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Red Bank’s Sugarush Sweetens the Scene

Written by The Two River Times. Posted in Featured, Front Page, News

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Chris Paseka, co-owner of Sugarush cupcake and custom cake shop, in Red Bank, is expanding his East Front Street location to accommodate small parties and the business’ growing demand.

Published on October 04, 2013 with No Comments

By John Burton

RED BANK – It’s a great time for Sugarush and its owners, Chris Paseka and Jesse Bello-Paseka, as they undertake an expansion of their cupcake and custom cake business.

“I can’t wait for the future with the growth happening here,” Paseka said this week.

“It is a happy business. We have customers who are happy to see us. We have people who want us and what we do to be part of their lives.”

Chris Paseka, co-owner of Sugarush cupcake and custom cake shop, in Red Bank, is expanding his East Front Street location to accommodate small parties and the business’ growing demand.

Chris Paseka, co-owner of Sugarush cupcake and custom cake shop, in Red Bank, is expanding his East Front Street location to accommodate small parties and the business’ growing demand.

Chris and his husband and business partner, Jesse, have taken over the space adjacent to their 37 E. Front St. location. It had been home to the Kathryn Barnett School of Dance for about 30 years. That business has since moved to Union Square on Route 35 in Middletown.

Sugarush’s existing space of about 850 square feet will increase to just under 2,000 square feet when the expansion is completed, Paseka said.

“Customers decided cupcakes,” he said, with the demand surprising the owners as Sugarush preceded the trend of cupcake shops that have been popping up in town and elsewhere.

Recently, Paseka and Bello-Paseka have seen similar businesses emerging on the local scene, including the Cake Boss of reality TV fame, which will open by the end of the year on Broad Street.

“I think in some ways it’ll be great for the town,” Paseka said.

But what, if anything, will it mean for Sugarush?

“I’m not worried about it,” he said. “It’s two different businesses. It’s two different animals…We do what we do and he does what he does. We wish him all of the best.

“We can’t compete for people’s taste buds. Either you like what we do or you don’t,” Paseka said.

“Their prices are very different than ours. Their process is very different than ours.”

Customers can design their own cupcakes at Sugarush’s cupcake bar by selecting fillings and toppings. The location gets a strong walk-in business from school kids and area workers, who stop in for a sweet treat, whether for a cupcake or from the candy selection.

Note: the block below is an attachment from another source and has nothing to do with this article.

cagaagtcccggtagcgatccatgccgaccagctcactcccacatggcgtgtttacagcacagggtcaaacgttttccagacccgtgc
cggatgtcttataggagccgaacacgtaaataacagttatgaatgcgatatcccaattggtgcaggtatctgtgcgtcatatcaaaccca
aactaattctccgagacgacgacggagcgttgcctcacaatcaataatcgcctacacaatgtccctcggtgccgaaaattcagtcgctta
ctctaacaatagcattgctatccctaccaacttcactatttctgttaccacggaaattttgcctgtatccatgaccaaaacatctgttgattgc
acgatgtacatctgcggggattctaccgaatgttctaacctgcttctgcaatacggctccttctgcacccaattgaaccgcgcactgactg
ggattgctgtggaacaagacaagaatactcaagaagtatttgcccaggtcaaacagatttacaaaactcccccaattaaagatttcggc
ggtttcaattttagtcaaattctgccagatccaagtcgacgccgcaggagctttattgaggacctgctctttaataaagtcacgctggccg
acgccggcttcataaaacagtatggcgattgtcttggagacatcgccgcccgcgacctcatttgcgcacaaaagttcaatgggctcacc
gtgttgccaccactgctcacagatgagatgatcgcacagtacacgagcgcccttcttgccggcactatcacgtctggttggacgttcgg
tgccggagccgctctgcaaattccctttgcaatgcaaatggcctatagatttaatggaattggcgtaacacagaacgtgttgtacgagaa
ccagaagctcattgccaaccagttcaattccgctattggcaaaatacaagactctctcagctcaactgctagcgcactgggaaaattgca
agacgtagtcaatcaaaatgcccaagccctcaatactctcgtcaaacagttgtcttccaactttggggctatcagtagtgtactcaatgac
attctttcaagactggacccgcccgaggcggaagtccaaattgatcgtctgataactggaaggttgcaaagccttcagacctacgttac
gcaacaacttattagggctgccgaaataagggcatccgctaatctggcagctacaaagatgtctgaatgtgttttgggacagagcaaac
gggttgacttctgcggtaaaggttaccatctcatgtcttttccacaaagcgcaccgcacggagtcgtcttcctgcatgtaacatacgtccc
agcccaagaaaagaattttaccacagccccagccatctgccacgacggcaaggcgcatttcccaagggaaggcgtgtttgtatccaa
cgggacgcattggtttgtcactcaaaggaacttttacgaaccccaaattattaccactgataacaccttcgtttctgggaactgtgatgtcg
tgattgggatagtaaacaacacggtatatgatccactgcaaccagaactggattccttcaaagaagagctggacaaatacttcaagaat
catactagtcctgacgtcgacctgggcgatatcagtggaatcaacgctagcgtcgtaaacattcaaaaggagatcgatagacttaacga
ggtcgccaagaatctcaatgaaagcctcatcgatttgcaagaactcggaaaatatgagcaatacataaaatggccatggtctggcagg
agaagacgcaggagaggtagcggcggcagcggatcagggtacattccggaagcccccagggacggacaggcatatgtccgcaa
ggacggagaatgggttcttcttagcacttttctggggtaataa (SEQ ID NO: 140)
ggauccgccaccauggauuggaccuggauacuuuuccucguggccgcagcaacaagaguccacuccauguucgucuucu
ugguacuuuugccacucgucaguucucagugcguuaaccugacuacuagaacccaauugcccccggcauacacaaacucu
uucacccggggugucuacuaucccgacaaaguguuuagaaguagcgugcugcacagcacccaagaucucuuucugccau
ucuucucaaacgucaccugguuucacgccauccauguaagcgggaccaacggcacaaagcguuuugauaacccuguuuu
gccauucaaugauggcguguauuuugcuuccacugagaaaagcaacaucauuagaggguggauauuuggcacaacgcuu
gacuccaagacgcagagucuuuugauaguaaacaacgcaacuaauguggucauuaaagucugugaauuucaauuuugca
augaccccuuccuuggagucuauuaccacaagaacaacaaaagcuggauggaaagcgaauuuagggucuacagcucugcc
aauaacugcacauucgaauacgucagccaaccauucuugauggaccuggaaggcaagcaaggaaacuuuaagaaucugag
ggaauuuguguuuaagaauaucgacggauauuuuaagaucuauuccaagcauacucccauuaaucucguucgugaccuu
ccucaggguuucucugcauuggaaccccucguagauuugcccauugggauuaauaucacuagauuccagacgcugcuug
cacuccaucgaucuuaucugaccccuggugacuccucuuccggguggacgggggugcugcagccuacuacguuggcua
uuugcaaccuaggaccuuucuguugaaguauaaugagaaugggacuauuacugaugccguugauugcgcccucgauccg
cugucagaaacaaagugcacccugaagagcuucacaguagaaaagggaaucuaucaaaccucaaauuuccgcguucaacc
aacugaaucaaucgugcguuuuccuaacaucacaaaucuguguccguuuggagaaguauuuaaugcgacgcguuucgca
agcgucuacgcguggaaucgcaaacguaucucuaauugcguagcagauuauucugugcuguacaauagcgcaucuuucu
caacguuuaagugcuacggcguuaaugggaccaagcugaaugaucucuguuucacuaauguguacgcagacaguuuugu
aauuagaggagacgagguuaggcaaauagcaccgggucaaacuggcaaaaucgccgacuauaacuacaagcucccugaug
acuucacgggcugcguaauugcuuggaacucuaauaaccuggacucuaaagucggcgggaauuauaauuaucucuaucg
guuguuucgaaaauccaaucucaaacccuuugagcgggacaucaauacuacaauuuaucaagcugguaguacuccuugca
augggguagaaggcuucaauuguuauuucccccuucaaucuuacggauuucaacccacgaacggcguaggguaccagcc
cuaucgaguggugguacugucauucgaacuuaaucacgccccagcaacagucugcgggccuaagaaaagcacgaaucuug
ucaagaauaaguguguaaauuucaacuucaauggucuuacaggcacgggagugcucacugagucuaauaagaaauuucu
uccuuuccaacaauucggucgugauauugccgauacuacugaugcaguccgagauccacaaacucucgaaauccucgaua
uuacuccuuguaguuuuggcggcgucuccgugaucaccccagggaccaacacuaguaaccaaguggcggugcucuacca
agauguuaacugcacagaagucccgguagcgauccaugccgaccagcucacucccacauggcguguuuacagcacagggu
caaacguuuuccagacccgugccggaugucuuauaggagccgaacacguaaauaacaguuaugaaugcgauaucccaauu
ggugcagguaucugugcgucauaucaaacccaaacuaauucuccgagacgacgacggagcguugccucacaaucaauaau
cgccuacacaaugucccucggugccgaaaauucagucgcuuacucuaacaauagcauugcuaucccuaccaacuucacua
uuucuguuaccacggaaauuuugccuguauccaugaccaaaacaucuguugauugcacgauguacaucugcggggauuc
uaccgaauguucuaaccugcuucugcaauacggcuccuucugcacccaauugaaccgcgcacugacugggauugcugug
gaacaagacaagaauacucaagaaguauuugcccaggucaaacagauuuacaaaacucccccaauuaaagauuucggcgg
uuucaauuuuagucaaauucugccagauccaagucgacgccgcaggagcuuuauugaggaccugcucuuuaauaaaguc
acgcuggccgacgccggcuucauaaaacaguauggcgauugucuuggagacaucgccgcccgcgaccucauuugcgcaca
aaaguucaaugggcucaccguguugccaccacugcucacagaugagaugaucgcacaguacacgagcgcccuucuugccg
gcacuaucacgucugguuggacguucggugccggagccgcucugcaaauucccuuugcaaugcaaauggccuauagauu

A big part of the business is catering for which they make-to-order cakes or cupcakes, Paseka said.

The work on Sugarush’s expansion needs some finishing touches, the necessary borough approvals and, hopefully, will be completed by late October. That will allow Sugarush to use the space for what Paseka said would be “cupcake-themed parties” and more storage and office space.

While he sees the expansion as “a natural fit” for kids’ parties, he also envisions the space working well for engagements, showers and for the calls he’s been getting about champagne and cupcake parties. The space will accommodate about 44 patrons plus staff. They are lining up parties for the space, and have been getting about a half-dozen inquiries a day, Paseka said.

Business “has been wonderful” for the cupcakes and other items since they started almost three years ago in the small, cute shop, painted in pastel colors.

Paseka, who was working as an event planner and designer, and Bello-Paseka, who was a theatrical visual designer, had been making cakes as a sideline for friends and family for about five years prior to opening the shop.

Initially, Paseka didn’t think of baking as a career. “But,” he said, “if you asked my friends and family, they would tell you they saw it coming.”

They were living in North Bergen and were looking to relocate and start the business.

Paseka said they wanted “a small town, with a downtown and a walking town, something maybe a little funky, hipper.”

They thought Red Bank fit the bill. The two also moved here, taking up residence on Washington Street.

“We walked into this space and we just felt it,” he said of the shop. “We gave up our lives and started here.

“We didn’t really decide on cupcakes,” he said. They thought the business’ main focus would be custom cakes with cupcakes a sideline.

The draw of a cupcake?

“It just makes you feel good,” Paseka said. “It is familiar. It brings back memories of childhood … It’s comfortable.”

That nice, happy feeling is reflected in their customers. “We get to put smiles on people’s faces every day,” he said.

 

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